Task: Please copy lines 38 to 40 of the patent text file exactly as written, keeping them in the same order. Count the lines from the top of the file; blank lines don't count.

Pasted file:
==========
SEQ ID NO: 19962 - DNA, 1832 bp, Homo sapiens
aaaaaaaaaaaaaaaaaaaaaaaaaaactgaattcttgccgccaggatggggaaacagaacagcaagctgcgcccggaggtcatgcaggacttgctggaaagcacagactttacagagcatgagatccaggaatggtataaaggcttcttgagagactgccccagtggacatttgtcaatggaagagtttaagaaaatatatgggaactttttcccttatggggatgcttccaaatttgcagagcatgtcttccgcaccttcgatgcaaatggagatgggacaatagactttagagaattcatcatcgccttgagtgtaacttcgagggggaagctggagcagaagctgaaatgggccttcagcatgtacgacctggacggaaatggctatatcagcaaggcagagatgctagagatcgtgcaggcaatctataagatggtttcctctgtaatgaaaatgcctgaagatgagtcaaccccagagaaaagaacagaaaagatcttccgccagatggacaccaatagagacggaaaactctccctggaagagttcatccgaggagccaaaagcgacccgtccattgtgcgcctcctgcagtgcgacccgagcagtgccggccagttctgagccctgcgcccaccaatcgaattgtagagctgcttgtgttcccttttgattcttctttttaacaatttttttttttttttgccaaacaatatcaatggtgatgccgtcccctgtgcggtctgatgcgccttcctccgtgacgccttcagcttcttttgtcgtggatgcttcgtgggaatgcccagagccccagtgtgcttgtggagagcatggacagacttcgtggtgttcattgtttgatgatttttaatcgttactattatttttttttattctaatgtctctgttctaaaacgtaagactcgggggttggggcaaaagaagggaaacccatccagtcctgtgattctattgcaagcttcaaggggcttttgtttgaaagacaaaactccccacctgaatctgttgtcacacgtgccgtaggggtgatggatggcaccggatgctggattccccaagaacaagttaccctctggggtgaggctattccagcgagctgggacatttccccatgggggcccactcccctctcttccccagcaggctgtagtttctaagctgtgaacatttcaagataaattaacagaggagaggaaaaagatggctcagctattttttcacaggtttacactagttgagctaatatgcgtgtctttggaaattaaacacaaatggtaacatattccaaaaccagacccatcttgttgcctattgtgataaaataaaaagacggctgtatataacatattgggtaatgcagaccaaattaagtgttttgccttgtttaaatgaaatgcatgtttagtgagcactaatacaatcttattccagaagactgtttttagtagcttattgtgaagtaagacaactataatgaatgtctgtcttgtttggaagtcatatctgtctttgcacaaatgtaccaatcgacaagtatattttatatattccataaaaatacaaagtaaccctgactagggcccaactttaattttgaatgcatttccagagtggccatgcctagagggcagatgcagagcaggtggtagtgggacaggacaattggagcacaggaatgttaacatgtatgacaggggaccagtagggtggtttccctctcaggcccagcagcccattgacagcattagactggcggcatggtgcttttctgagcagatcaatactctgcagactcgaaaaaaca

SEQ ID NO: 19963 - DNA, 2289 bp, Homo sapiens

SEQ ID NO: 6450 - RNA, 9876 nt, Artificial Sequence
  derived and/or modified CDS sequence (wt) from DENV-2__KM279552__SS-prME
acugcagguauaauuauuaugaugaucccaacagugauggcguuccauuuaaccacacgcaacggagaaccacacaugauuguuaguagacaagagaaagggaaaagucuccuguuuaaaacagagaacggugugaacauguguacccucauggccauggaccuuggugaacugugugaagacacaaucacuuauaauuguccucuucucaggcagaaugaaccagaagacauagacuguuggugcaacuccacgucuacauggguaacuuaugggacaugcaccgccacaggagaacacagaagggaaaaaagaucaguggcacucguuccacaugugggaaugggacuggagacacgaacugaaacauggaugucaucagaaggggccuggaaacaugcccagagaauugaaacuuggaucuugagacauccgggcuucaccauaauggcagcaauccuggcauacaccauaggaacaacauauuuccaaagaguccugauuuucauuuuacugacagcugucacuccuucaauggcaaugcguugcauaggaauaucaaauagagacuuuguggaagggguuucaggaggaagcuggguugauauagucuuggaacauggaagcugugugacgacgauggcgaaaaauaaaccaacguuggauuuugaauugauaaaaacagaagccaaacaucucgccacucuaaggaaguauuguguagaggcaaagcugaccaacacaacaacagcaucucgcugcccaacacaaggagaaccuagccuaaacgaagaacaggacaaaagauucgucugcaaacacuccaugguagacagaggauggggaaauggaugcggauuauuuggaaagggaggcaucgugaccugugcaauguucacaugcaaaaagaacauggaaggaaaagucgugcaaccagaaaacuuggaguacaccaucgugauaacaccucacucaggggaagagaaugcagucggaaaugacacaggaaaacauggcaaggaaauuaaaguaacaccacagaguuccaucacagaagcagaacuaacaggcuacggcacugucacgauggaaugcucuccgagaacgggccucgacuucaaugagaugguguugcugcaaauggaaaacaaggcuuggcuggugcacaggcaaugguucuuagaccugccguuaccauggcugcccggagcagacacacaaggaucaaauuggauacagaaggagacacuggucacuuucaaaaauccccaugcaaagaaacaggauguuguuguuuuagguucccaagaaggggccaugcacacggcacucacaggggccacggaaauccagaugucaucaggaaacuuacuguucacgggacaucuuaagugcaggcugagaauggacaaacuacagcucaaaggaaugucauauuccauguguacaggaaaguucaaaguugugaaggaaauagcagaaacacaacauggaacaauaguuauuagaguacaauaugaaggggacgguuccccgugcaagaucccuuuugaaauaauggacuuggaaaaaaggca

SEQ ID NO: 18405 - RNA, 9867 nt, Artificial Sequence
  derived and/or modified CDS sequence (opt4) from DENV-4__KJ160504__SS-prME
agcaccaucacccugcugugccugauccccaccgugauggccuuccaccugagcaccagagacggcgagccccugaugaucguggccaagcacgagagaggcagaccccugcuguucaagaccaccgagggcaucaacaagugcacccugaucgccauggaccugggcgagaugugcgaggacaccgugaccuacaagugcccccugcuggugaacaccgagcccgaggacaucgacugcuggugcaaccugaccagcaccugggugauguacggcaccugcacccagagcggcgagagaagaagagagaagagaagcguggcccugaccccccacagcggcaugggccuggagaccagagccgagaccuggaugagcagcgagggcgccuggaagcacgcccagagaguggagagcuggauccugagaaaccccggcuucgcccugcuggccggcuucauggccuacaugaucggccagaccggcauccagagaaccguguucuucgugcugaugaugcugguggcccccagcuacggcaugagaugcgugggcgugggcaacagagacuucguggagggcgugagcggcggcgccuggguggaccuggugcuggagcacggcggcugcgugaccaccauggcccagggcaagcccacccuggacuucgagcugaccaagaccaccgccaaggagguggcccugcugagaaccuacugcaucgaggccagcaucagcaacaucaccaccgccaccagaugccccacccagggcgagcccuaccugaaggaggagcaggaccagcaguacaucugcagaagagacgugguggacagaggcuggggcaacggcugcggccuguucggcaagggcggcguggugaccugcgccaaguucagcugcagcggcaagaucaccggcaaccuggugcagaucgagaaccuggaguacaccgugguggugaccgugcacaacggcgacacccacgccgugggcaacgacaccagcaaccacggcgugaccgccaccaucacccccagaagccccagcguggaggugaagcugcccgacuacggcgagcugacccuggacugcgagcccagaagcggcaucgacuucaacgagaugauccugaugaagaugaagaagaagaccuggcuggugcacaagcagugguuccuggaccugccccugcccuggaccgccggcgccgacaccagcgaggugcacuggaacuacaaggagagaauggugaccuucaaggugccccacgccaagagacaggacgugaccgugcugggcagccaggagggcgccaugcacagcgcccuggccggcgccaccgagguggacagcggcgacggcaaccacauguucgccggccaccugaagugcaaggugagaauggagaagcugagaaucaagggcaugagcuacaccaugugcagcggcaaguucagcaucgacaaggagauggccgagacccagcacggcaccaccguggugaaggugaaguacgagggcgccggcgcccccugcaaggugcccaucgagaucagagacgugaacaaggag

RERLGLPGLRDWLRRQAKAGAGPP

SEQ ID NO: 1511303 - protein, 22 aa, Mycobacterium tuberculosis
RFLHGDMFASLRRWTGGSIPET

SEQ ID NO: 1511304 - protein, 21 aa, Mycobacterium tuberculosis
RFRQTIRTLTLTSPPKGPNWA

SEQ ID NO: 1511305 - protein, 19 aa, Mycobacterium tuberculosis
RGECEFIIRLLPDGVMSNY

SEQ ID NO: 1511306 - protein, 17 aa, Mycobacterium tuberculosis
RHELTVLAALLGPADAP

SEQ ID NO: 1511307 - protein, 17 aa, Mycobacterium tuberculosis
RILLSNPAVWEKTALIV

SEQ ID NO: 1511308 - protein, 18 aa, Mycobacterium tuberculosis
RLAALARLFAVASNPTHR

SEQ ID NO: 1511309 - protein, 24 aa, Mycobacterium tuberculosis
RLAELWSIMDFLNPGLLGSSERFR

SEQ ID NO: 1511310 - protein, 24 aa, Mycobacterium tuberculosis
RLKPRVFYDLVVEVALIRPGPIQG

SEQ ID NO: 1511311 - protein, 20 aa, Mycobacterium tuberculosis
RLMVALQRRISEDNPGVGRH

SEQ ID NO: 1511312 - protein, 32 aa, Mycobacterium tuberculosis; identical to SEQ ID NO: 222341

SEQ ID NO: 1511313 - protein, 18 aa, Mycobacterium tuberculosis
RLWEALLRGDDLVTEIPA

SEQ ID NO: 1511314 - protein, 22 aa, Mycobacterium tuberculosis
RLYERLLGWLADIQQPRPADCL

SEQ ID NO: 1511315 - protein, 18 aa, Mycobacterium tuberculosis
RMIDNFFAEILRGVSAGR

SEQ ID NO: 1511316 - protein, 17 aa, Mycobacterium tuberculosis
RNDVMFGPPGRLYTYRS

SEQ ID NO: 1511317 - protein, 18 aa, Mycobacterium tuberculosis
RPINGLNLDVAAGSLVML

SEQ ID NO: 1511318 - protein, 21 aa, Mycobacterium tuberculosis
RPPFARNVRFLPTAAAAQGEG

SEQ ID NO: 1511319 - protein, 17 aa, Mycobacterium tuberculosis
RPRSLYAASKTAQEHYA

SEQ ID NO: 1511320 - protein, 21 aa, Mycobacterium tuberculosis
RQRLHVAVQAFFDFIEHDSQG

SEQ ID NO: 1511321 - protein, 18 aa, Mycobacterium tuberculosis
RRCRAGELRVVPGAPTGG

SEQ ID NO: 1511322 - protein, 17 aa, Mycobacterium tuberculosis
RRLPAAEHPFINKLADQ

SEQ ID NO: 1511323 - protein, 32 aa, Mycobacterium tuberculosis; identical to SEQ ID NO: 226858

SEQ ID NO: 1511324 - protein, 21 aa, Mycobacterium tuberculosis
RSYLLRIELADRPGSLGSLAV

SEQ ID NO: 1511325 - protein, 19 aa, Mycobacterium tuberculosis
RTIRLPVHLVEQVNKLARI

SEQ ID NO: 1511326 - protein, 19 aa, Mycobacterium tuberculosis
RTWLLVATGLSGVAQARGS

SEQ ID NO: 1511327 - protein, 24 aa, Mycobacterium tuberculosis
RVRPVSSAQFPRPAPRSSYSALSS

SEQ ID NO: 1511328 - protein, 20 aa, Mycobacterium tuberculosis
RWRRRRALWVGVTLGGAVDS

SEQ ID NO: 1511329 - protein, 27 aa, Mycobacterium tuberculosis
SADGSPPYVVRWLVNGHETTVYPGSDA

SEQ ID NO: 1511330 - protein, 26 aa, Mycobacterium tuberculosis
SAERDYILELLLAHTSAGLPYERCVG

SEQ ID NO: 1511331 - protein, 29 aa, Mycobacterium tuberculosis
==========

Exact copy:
SEQ ID NO: 1511317 - protein, 18 aa, Mycobacterium tuberculosis
RPINGLNLDVAAGSLVML

SEQ ID NO: 1511318 - protein, 21 aa, Mycobacterium tuberculosis